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Jakarta Post

Teddy Rachmat says the sky'€™s the limit

  • Raras Cahyafitri

    The Jakarta Post

Jakarta   /   Mon, April 22, 2013   /  12:17 pm

When asked how far he wanted his business group to grow, Theodore Permadi Rachmat, 69, said that for his companies, there were no limits to growth.

Perhaps because of this philosophy, his business (which he established after he left his role as president director of Astra International in 2002) has kept growing. '€œKeeping high growth is important, but it should be sustainable,'€ said Indonesia'€™s ninth richest man, who is commonly addressed as Teddy, recently.

Teddy now has his own diversified business group called Triputra Group. The group, the holding company of which is called Triputra Investindo Arya, has 14 business units operating in various sectors, including oil palm and rubber plantations, coal mining, automotive dealerships and retailers, manufacturing, logistics and transportation services.  

The biggest contributors to the group are companies in the commodity-based sector, particularly rubber processor Kirana Megatara, which '€” according to Triputra'€™s website '€” is now the largest crumb rubber processor.

Besides Kirana Megatara, another big contributor is oil palm planter Triputra Agro Persada, which claims to be the eighth largest palm oil producer with a 175,000 hectare area under cultivation. The company has a total of 388,000 hectares and expects to grow to 600,000 hectares by 2020.

Teddy, with a net worth of US$1.7 billion according to Forbes magazine, said it was now his intention to focus on commodity-based business.

'€œThinking of what kind of business I was going to develop when I started Triputra [Group] 10 years ago, I chose a business that was not in competition with China but was a supplier to China. Therefore, I chose commodities,'€ Teddy said.

Creating a competitive advantage is one of his benchmarks for surviving in business. Teddy had a crucial role in Astra International, which was run by his mentor and uncle William Soeryadjaya, to switch its heavy equipment division in the early 1970s to the Japanese brand Komatsu, from the US-based Allis-Chalmers.

'€œAllis-Chalmers has a competitor, which is Caterpillar. They have the same qualities and the same price. Komatsu has the quality but is cheaper than Caterpillar,'€ Teddy said during a recent discussion at Atma Jaya University.

Astra International'€™s heavy equipment division has now transformed into the Jakarta-listed PT United Tractors, whose market capitalization reached Rp 68 trillion (US$7 billion) as of last Friday, dominating the heavy equipment industry in the country with a share of 43 percent as of the end of last February.

'€œTriputra is still small. Hopefully someday it can catch up with United Tractor,'€ Teddy told The Jakarta Post.

Teddy'€™s strategy for doing so might be different from his previous moves, particularly when he decided in 2004 to sell financing company Adira Finance to Bank Danamon.

'€œA financing company must have a bank behind it. I can'€™t compete on its own. Adira can'€™t be this big if it is not with Danamon. In plantations, we actually don'€™t need partners. The money and land are there. It just needs to be developed,'€ Teddy said.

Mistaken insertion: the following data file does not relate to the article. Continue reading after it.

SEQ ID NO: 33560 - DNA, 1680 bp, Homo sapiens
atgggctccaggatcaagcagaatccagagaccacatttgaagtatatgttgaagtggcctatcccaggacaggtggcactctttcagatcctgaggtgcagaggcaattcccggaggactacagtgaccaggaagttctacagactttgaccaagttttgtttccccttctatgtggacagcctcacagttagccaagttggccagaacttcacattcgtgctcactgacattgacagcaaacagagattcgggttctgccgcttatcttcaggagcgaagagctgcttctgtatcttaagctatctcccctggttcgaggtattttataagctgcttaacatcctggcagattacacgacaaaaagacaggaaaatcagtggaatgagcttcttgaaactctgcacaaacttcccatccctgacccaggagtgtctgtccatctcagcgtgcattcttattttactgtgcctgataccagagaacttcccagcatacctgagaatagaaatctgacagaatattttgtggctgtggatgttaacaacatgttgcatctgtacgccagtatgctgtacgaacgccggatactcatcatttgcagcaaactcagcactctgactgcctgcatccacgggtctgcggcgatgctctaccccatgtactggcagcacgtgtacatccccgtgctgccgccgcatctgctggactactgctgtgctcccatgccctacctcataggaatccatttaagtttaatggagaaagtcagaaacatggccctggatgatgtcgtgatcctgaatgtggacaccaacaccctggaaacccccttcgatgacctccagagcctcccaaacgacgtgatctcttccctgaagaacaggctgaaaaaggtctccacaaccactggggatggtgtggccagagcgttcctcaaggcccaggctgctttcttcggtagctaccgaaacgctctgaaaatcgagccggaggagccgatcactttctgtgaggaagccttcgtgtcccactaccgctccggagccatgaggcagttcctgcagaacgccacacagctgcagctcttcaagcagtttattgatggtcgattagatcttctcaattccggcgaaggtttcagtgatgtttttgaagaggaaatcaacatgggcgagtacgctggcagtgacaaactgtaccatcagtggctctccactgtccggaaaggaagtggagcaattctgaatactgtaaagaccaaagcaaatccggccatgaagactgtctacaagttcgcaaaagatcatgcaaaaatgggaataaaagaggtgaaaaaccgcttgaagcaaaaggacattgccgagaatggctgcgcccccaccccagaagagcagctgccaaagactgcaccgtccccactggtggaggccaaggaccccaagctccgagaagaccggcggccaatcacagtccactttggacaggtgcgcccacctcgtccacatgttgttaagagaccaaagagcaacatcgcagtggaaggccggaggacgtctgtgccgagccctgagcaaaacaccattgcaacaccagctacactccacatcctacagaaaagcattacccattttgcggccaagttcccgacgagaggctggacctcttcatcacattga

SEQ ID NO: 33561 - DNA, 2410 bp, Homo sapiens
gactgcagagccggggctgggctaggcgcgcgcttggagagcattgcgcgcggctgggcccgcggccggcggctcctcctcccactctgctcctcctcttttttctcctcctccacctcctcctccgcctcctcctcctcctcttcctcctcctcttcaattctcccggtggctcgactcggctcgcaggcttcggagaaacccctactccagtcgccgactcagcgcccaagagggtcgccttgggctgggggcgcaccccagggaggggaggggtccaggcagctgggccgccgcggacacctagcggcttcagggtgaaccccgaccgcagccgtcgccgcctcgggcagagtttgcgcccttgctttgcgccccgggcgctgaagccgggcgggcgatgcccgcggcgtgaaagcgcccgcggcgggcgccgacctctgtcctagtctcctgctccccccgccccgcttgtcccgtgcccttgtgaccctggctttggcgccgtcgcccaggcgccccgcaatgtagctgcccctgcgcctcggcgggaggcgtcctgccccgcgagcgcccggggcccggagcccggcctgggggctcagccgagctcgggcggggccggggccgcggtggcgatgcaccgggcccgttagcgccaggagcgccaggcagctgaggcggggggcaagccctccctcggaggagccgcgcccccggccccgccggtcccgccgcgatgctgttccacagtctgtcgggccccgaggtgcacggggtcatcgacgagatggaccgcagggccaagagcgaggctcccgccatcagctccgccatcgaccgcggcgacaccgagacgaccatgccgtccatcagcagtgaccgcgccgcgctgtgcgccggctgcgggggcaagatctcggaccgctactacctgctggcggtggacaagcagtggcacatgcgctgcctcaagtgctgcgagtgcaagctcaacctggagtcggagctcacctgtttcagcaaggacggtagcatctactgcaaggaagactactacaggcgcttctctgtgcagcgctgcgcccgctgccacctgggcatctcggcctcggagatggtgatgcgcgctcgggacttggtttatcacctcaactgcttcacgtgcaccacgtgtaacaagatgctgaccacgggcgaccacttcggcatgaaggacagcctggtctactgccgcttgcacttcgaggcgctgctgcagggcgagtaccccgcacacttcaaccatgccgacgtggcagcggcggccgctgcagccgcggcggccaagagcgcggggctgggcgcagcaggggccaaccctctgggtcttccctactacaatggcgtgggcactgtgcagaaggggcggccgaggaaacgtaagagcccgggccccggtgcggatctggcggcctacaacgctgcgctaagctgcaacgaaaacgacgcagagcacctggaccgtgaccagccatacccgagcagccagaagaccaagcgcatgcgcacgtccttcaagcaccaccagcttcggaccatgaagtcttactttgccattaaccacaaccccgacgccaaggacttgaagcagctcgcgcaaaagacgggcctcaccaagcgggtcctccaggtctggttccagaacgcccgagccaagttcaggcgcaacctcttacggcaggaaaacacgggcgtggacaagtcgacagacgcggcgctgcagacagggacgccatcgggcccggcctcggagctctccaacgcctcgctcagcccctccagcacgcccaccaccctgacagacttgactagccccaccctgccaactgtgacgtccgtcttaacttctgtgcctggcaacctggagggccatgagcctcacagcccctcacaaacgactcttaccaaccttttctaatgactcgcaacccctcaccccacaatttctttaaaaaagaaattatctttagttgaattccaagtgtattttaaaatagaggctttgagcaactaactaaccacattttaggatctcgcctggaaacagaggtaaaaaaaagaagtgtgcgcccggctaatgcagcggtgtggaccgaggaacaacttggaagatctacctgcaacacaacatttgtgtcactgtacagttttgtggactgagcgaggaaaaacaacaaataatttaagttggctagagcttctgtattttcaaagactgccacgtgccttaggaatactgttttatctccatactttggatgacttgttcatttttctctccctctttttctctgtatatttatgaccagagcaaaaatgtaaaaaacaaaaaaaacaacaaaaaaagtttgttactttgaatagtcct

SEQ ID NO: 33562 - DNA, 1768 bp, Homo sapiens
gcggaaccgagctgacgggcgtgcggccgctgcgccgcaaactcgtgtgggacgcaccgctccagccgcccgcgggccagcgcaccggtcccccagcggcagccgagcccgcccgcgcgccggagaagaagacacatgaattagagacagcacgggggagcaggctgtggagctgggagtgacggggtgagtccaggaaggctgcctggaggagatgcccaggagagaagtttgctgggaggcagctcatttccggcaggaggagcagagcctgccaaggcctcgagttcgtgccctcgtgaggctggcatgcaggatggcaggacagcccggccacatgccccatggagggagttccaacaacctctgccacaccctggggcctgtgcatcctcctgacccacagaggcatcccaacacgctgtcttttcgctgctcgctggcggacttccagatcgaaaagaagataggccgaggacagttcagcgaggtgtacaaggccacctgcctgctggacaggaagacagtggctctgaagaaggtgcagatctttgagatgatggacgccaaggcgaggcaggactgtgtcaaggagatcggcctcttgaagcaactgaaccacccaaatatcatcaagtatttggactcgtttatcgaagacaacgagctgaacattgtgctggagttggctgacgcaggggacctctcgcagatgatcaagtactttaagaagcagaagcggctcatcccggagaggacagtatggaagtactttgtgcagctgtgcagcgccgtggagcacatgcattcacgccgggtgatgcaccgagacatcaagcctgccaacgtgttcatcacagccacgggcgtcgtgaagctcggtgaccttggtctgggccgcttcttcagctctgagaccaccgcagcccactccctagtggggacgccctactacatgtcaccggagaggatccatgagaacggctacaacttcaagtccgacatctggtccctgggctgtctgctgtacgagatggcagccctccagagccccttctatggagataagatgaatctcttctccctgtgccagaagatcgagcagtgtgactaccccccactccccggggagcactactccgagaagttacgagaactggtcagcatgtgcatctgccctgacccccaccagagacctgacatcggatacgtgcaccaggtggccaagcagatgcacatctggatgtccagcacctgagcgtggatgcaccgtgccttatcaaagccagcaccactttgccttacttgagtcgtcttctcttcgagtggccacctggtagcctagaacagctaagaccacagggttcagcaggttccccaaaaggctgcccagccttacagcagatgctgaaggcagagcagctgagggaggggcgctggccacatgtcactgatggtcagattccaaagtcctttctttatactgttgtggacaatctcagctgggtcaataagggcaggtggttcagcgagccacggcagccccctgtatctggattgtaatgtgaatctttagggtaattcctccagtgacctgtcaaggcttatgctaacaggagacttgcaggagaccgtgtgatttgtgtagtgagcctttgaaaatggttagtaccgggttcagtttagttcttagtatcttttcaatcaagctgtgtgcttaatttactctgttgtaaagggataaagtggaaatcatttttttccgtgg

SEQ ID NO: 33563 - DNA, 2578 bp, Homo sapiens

The money raised from selling Adira was used to develop Triputra and its subsidiaries.

Kirana Megatara, whose factories are located in Sumatra and Kalimantan, obtained $600 million in syndicated loans from 12 banks in 2011. The money will be used to boost the company'€™s business. Teddy said Kirana'€™s production stood at around 500,000 tons per year but its installed capacity had now reached 1 million tons, thanks to expansion funded by the syndicated loans. The country'€™s rubber production reached 3.04 million tons last year.

Despite more independence in raising funds through loans, Teddy said he would maintain partnerships with his close friends.

'€œI have invited Astra to enter the Pako Group, which will increase its size, give it enough money for expansion and a guaranteed market,'€ Teddy said.

One of the units under Triputra, Pako Group, is focusing on steel and alloy wheel rims. Its production reached more than 5 million rims last year.

Besides Astra, Teddy has been linking up with individuals such as schoolmate Benny Subianto, cousin Edwin Soeryadjaya and son of Teddy Thohir (one of Astra'€™s founders), Garibaldi '€œBoy'€ Thohir.

Teddy has been partnering with Edwin, Benny, Boy and Sandiaga Uno in developing Adaro Energy, which now has become a top coal miner in the country.

'€œThis is friendship. Moreover, we have similar ideas from Astra. We have the same teacher,'€ Teddy said.

Apart from palm oil producer Triputra Agro Persada, Teddy also has a stake in a joint venture with Benny and late friend Winarto Oetomo on a palm oil plantation, called Dharma Satya Nusantara, which is reported to be planning to hold an initial public offering (IPO) this year.  

The plan, however, may be halted.

'€œThe selling price [of crude palm oil] is declining. If we think we have good stuff why do we have to sell it too cheaply? The company is not in need of money. Whether the IPO will be this year or next year, we are still considering it,'€ Teddy said.

Taking a broader view of the country'€™s commodity sector, Teddy is expecting to see a comprehensive set of blueprints for the sector.

'€œWe already have the infrastructure blueprint called the MP3EI. We have winning sectors, such as palm oil and rubber. What commodities will be the winners from Indonesia in the next 25 years must be planned from now. In palm oil for example, it is now 25 million tons, but how many tons do we want? Do we have enough area to reach 50 to 60 million? Without a blueprint we don'€™t know where to go,'€ Teddy said.

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